It's hard to believe but until around 25 years ago, every single film was edited together by hand on machines like these.


The process was careful to maintain film quality since each generation of copy, back in the analog days, was worse than the original.

So the original film footage was copied and then the original was left in a vault.  The copy was cut and spliced together over and over again until the editor and director were pleased with the result. Then, the time stamps were carefully noted and the original film was spliced together. And from that original, the copies for distribution were made.

To be honest, I went through this process myself with video tape but never with actual film. And I can't imagine how the audio track was handled since there has always been sound effects and audio work added to the original shoot.

The book with all the tricks for doing title for films is a real shocker. There's all the plans for building a system to hold the camera and do a "zoom" into the title. Or to have the title appear to scroll past.


Monday, July 22, 2019

Architectural Drawing Tools

I have vivid and fond memories of drawing in math class using a compass, protractor, and ruler.  Do kids still do that?  These memories are mixed with others of drawing accurate pie charts by hand while working in my mid 20s. I know nobody does that anymore: all graphs are now computer created.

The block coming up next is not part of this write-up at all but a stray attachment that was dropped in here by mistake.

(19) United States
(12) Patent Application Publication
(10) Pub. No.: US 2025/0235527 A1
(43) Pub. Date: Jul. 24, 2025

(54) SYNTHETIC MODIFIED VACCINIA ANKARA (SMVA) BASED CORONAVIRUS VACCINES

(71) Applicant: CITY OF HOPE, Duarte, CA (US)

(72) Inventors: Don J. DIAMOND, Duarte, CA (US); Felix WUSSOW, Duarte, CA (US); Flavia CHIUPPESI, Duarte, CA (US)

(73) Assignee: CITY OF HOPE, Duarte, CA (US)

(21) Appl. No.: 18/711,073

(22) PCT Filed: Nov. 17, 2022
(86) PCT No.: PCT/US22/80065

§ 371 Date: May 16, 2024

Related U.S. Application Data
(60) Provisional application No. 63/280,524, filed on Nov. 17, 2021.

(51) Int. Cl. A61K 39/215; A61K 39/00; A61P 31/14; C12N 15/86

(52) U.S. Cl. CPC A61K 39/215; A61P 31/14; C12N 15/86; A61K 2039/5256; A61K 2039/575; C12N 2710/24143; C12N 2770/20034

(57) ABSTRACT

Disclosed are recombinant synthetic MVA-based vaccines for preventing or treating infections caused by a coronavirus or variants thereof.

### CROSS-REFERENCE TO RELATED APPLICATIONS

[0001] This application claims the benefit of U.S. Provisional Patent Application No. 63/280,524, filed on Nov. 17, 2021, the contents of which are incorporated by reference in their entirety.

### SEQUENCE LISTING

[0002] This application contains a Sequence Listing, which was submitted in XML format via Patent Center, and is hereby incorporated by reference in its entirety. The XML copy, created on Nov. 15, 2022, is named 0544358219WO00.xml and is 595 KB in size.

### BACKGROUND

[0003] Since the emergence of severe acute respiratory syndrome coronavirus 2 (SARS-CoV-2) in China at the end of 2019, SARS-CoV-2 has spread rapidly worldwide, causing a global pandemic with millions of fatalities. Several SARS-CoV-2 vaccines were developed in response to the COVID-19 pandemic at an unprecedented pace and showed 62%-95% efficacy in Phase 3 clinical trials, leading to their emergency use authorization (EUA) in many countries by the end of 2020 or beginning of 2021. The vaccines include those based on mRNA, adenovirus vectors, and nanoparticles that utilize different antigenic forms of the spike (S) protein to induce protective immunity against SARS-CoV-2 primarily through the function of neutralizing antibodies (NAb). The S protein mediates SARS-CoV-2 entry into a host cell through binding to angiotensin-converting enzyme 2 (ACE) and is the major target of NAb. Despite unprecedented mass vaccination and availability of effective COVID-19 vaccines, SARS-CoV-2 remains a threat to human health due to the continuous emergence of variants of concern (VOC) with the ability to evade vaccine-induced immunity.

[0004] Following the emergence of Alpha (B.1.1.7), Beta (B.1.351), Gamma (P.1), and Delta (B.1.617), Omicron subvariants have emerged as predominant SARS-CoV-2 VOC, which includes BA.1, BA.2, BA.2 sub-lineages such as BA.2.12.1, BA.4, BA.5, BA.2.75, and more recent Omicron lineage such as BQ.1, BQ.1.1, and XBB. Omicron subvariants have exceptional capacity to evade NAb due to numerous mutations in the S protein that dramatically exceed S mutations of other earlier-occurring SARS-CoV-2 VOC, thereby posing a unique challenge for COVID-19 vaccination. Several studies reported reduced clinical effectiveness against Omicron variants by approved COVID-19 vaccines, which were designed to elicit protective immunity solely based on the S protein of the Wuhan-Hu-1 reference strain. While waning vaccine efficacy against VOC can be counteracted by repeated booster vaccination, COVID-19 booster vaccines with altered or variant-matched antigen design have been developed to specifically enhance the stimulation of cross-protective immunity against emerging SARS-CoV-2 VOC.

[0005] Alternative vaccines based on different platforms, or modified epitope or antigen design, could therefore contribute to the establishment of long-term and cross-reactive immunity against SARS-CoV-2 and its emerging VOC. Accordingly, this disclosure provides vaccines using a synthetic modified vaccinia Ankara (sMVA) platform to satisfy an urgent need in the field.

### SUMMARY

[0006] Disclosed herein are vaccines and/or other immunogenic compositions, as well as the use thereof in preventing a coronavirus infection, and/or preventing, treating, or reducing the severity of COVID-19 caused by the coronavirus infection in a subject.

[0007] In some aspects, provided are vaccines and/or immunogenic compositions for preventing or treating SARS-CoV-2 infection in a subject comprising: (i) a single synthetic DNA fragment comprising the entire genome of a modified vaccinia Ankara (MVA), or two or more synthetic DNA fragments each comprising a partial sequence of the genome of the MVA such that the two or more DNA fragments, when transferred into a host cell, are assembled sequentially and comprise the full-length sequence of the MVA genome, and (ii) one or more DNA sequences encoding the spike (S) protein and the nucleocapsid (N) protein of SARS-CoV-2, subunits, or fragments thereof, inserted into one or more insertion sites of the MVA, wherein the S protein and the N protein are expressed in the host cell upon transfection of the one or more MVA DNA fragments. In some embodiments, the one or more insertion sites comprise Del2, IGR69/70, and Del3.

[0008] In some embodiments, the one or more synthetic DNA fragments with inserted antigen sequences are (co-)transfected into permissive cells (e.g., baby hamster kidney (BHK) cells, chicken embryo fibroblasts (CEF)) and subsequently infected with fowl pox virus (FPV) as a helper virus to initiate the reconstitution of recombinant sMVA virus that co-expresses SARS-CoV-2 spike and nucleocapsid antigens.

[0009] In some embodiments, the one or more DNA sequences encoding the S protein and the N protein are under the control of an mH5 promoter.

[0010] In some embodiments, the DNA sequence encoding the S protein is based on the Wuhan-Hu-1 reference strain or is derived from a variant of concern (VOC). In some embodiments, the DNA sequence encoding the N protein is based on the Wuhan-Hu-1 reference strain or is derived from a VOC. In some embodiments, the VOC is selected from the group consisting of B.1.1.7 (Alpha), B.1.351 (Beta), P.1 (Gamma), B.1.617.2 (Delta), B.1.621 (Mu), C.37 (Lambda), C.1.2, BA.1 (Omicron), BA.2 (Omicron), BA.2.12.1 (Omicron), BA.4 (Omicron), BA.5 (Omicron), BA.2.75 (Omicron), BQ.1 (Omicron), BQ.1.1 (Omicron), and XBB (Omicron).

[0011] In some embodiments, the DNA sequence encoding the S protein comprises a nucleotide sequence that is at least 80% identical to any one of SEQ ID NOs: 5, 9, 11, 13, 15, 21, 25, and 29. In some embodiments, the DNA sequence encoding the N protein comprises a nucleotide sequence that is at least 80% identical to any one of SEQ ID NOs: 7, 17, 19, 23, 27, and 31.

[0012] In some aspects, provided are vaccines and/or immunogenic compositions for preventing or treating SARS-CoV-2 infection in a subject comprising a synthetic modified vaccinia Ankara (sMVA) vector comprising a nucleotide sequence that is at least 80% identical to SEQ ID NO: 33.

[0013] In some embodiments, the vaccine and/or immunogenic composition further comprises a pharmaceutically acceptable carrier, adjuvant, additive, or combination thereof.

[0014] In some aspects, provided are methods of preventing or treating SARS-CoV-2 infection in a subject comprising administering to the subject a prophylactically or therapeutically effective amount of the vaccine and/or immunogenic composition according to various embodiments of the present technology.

Look what I was given this weekend.  It's a set of architectural drawing tools for precise work. I know that there's a compass, I'm not sure what the other tools are called or really, exactly what they're for.


This was Lester's drawing tools during his time as an architecture students in the mid 70s as the University of Miami.  A small embossed company name is on the leather package.


The first search results on Stellar Drawing Instruments shows that there is an active Ebay market in such things. A little more searching reveals an article on AmericanHistory.si.edu about these types of instruments. This is referred to as a flat case or pocket case and then the maker (Steller), number of instruments, and model might be listed.  Would this be a Stellar DS4 12 Instrument Flat Case?

I'm going to go get my glasses and study this a little more but I'll post it right now so I can maybe solicit some guidance on what it is. I'm also now curious about pre plastic rules and protractors.






Saturday, October 6, 2018